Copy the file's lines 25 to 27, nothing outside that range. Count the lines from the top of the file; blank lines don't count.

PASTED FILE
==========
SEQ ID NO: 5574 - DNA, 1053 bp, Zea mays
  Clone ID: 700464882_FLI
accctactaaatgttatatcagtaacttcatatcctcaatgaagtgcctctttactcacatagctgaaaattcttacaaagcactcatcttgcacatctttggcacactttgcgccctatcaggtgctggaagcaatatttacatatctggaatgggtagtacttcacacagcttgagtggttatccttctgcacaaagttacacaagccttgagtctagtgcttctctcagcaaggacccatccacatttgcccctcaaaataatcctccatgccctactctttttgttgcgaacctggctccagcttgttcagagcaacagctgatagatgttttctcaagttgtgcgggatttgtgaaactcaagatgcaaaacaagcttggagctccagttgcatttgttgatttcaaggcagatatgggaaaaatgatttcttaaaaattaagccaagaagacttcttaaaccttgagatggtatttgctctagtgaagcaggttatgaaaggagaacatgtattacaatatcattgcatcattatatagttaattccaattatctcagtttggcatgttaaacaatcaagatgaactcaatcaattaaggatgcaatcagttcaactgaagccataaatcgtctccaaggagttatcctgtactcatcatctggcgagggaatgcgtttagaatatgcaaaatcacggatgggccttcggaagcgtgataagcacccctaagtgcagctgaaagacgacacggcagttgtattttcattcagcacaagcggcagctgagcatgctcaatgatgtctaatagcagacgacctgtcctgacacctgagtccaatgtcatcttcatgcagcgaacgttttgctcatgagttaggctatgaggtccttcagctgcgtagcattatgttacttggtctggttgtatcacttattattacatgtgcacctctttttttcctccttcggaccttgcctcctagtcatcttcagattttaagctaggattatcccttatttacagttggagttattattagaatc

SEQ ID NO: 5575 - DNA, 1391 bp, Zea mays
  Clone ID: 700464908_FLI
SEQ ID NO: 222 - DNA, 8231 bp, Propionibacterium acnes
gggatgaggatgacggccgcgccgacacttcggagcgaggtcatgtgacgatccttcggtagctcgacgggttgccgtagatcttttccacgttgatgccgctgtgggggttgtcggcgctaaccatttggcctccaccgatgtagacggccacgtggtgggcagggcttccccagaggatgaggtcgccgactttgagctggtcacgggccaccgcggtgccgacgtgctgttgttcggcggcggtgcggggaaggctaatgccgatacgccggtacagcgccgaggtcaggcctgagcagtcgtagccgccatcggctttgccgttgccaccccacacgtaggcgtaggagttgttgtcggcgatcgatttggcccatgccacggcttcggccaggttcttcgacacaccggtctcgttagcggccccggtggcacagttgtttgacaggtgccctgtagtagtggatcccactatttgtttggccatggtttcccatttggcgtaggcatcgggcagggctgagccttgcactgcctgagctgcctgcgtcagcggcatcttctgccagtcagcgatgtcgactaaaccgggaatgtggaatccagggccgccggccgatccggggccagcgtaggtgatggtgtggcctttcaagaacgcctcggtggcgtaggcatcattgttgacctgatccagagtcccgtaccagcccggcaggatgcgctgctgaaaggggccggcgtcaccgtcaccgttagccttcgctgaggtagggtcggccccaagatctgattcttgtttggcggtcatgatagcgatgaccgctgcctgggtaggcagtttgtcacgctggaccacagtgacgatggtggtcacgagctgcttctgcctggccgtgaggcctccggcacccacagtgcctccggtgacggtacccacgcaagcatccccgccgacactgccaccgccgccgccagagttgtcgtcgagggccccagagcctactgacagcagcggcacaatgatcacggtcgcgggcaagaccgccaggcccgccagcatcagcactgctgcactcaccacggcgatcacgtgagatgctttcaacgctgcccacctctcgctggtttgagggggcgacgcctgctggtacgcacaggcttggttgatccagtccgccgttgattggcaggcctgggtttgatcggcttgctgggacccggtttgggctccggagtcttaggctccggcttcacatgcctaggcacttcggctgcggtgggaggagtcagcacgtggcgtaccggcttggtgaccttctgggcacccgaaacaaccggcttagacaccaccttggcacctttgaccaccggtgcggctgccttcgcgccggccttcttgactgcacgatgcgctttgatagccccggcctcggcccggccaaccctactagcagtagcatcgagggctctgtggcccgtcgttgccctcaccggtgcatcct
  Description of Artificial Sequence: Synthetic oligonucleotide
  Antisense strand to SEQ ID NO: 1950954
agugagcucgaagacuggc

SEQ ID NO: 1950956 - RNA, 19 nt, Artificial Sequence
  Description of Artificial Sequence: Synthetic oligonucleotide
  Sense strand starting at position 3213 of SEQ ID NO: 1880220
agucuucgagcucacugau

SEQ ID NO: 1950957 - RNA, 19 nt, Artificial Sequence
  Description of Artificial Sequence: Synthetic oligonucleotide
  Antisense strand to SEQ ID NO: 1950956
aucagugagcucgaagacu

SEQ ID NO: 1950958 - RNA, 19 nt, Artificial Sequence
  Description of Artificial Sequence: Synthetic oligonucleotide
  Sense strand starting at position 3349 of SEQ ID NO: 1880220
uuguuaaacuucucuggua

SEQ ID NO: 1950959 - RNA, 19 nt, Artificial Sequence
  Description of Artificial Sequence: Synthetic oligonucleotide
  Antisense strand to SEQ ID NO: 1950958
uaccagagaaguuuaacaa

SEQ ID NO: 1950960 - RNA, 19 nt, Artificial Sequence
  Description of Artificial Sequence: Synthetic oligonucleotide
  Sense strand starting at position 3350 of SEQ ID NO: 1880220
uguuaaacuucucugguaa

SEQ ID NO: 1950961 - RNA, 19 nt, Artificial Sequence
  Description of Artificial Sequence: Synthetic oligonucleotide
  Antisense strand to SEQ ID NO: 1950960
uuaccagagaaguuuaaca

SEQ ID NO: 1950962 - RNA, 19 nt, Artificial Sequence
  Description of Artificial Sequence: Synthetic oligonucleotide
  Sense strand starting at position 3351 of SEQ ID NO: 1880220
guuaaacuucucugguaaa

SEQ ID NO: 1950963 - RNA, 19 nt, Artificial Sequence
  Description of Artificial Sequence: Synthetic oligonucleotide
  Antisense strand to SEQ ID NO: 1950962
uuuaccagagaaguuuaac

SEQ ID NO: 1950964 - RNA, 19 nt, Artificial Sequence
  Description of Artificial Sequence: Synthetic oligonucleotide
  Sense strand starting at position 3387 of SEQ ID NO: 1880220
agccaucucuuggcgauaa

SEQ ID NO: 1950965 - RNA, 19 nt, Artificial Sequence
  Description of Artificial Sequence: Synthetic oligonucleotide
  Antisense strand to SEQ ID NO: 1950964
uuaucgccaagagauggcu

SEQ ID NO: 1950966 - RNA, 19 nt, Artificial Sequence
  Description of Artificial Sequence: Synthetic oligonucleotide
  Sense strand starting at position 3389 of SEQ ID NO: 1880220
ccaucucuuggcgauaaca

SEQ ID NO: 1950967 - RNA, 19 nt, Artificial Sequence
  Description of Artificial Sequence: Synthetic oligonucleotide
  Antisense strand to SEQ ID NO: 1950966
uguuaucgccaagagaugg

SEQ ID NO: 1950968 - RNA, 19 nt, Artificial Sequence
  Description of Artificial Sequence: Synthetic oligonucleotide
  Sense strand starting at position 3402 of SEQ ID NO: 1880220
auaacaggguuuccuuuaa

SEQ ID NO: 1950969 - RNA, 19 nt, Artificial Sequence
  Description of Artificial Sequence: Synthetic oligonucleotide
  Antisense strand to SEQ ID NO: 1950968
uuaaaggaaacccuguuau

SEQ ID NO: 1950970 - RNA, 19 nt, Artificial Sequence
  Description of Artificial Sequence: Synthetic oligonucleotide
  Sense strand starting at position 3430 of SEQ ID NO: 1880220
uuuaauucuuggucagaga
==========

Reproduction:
  Antisense strand to SEQ ID NO: 1950958
uaccagagaaguuuaacaa

SEQ ID NO: 1950960 - RNA, 19 nt, Artificial Sequence